18:57 GMT +312 November 2019
Listen Live
    Omaka Nawicakincinji Mendoza, 7, holds a sign while on the shoulders of his father, Bill Mendoza, who is Oglala Lakota Nation and moved to Washington from Pine Ridge, S.D., as they attend a rally by the White House with members of the Standing Rock Sioux Tribe and other tribal nations and their supporters in opposition of the Dakota Access oil pipeline, Tuesday, Sept. 13, 2016, in Washington

    Native Canadians Join US Sioux Tribe in Fight Against Oil Pipelines

    © AP Photo / Jacquelyn Martin
    World
    Get short URL
    484
    Subscribe

    Canadian media reported that Indian tribes in Canada have formally joined with the Standing Rock Sioux tribe in the US states of North Dakota and South Dakota in agreeing to fight construction of oil pipelines across North America.

    WASHINGTON (Sputnik) Indian tribes in Canada have formally joined with the Standing Rock Sioux tribe in the US states of North Dakota and South Dakota in agreeing to fight construction of oil pipelines across North America, Canadian media reported on Friday.

    "They should know that we never hesitated to taking our fight to the streets," Assembly of First Nations of Quebec and Labrador chief Ghislain Picard told reporters on Thursday, as quoted by the Canadian Press news agency.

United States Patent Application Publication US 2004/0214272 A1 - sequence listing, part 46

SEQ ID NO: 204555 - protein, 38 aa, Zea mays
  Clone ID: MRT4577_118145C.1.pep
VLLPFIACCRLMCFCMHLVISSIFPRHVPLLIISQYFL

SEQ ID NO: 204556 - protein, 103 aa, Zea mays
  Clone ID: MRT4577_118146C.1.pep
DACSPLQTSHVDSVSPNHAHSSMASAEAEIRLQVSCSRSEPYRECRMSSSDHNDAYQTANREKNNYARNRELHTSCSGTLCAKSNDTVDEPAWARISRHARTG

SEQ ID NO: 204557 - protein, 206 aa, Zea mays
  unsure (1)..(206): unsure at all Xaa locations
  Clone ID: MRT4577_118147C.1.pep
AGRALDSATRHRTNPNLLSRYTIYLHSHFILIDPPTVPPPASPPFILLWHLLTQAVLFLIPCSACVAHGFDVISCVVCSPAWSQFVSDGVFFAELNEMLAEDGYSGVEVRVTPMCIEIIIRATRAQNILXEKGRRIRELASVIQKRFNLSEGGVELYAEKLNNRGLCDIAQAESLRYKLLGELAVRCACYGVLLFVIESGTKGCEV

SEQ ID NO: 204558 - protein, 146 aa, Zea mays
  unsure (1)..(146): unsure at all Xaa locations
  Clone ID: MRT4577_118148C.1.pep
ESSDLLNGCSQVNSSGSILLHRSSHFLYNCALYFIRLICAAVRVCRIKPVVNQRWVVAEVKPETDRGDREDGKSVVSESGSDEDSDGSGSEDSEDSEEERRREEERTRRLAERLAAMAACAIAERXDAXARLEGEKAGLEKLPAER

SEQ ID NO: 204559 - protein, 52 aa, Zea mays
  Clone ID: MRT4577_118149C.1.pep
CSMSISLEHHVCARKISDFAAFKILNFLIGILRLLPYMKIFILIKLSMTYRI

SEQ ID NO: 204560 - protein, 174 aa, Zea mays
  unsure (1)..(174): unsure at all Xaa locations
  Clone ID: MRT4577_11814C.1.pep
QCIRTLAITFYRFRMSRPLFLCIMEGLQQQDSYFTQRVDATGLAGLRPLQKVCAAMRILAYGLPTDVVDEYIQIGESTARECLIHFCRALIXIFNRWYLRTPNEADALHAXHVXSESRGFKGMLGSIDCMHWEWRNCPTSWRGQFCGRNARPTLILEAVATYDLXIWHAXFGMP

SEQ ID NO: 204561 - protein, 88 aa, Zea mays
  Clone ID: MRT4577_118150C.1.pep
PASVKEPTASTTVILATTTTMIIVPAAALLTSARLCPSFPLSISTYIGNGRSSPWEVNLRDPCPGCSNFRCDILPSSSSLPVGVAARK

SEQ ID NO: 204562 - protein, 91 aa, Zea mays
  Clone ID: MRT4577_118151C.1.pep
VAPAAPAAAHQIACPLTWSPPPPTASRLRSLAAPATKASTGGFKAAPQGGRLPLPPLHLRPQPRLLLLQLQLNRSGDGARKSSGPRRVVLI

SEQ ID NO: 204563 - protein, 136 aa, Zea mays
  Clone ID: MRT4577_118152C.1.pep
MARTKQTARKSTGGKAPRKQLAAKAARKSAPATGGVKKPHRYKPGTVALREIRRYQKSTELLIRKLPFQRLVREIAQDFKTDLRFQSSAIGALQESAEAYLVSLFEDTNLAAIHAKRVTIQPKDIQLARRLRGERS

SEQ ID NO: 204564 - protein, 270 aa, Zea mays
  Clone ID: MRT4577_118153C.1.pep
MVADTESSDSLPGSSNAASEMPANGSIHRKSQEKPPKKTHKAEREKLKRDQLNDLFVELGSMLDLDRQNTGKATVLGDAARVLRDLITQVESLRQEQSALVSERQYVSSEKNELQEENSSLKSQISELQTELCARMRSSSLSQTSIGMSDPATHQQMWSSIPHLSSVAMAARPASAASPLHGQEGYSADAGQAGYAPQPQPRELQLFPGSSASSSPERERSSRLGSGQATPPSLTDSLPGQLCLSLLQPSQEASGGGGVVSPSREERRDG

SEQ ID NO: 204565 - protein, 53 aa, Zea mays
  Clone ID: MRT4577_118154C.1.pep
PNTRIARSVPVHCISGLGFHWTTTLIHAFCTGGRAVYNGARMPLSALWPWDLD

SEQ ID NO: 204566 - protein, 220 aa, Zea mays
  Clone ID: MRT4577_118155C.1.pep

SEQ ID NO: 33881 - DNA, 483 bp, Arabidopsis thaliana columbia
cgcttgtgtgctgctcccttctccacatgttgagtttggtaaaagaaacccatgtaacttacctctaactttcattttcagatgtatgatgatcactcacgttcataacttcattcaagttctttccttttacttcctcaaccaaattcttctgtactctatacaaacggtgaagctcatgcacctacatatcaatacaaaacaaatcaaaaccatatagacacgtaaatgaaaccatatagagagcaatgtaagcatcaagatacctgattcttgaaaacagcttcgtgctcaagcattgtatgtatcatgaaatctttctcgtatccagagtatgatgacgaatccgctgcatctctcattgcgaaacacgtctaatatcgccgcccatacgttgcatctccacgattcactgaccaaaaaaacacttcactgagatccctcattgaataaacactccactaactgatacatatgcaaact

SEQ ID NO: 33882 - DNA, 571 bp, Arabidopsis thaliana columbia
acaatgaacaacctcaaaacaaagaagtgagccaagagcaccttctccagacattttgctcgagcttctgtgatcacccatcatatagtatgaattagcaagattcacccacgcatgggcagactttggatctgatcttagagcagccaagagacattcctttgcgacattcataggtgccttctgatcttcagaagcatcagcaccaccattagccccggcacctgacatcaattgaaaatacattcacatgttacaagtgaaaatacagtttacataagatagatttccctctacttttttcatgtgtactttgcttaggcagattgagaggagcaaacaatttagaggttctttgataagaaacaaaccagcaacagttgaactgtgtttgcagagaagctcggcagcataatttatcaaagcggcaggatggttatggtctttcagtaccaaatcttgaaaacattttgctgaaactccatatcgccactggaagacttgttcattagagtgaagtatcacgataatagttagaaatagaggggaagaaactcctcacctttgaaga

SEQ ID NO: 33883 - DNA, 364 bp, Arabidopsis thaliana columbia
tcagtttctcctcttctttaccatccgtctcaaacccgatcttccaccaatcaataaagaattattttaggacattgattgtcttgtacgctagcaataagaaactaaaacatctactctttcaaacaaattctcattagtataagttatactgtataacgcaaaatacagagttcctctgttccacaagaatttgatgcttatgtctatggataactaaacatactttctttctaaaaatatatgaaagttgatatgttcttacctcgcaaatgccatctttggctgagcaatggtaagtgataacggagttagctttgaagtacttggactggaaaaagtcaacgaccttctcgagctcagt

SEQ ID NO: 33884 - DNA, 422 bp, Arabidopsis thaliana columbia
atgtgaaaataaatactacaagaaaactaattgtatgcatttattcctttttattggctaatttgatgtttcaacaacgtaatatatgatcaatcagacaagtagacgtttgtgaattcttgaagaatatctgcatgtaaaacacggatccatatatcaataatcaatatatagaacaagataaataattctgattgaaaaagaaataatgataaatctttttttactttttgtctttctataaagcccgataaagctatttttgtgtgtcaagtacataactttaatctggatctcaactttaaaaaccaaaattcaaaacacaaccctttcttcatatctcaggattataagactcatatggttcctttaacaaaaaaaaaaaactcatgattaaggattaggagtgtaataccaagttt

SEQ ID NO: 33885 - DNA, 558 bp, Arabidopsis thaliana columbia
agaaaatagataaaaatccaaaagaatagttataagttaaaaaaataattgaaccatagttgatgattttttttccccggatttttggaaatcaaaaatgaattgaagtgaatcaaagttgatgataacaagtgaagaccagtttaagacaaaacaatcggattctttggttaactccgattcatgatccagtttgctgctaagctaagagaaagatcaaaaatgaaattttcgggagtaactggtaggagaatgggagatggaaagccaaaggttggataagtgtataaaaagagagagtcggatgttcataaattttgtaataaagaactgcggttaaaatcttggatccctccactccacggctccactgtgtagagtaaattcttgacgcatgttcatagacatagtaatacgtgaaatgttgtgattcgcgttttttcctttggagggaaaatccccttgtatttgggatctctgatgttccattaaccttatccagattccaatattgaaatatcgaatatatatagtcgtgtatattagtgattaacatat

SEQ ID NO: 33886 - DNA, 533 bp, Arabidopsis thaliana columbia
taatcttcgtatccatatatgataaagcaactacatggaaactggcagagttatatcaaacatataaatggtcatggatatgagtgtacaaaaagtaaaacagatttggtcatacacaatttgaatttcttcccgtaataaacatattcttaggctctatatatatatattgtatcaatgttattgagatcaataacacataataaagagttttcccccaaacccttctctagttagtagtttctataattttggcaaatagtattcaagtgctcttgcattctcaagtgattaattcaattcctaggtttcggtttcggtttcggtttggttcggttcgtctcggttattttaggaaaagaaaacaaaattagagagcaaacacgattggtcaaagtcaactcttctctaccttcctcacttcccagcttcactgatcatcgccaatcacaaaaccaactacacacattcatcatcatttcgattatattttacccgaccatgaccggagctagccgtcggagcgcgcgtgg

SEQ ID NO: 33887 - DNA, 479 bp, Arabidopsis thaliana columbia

Native tribes in Canada, known as First Nations, are targeting TransCanada, the company behind three pipelines intended to cross the country.

    On the US side of the border, protests by the Standing Rock Sioux have managed to halt construction of the $3.8 billion, 1,170-mile (1,880-kilometer) Dakota Access Pipeline across four western US states.

    Tribal chiefs in the United States and Canada plan to take international legal action against pipeline companies and discuss working with non-aboriginal groups, according to a report in the Calgary Herald newspaper.

    Oil industry officials say they need pipelines to transport petroleum safely and reliably to distant refineries.

    Environmental groups say Canada will not meet the carbon-reduction goals accepted at the December 2015 global conference on climate change in Paris if the proposed pipelines are built.

    Related:

    Canada Oil Sands Output to Grow 1Mln Barrels Per Day by 2025
    Oil Producers Could Agree on Output Freeze in Algiers
    Russia's Grain May Soon Bring in More Gold Than Oil
    Tags:
    fight, oil pipeline, Canada
    Community standardsDiscussion
    Comment via FacebookComment via Sputnik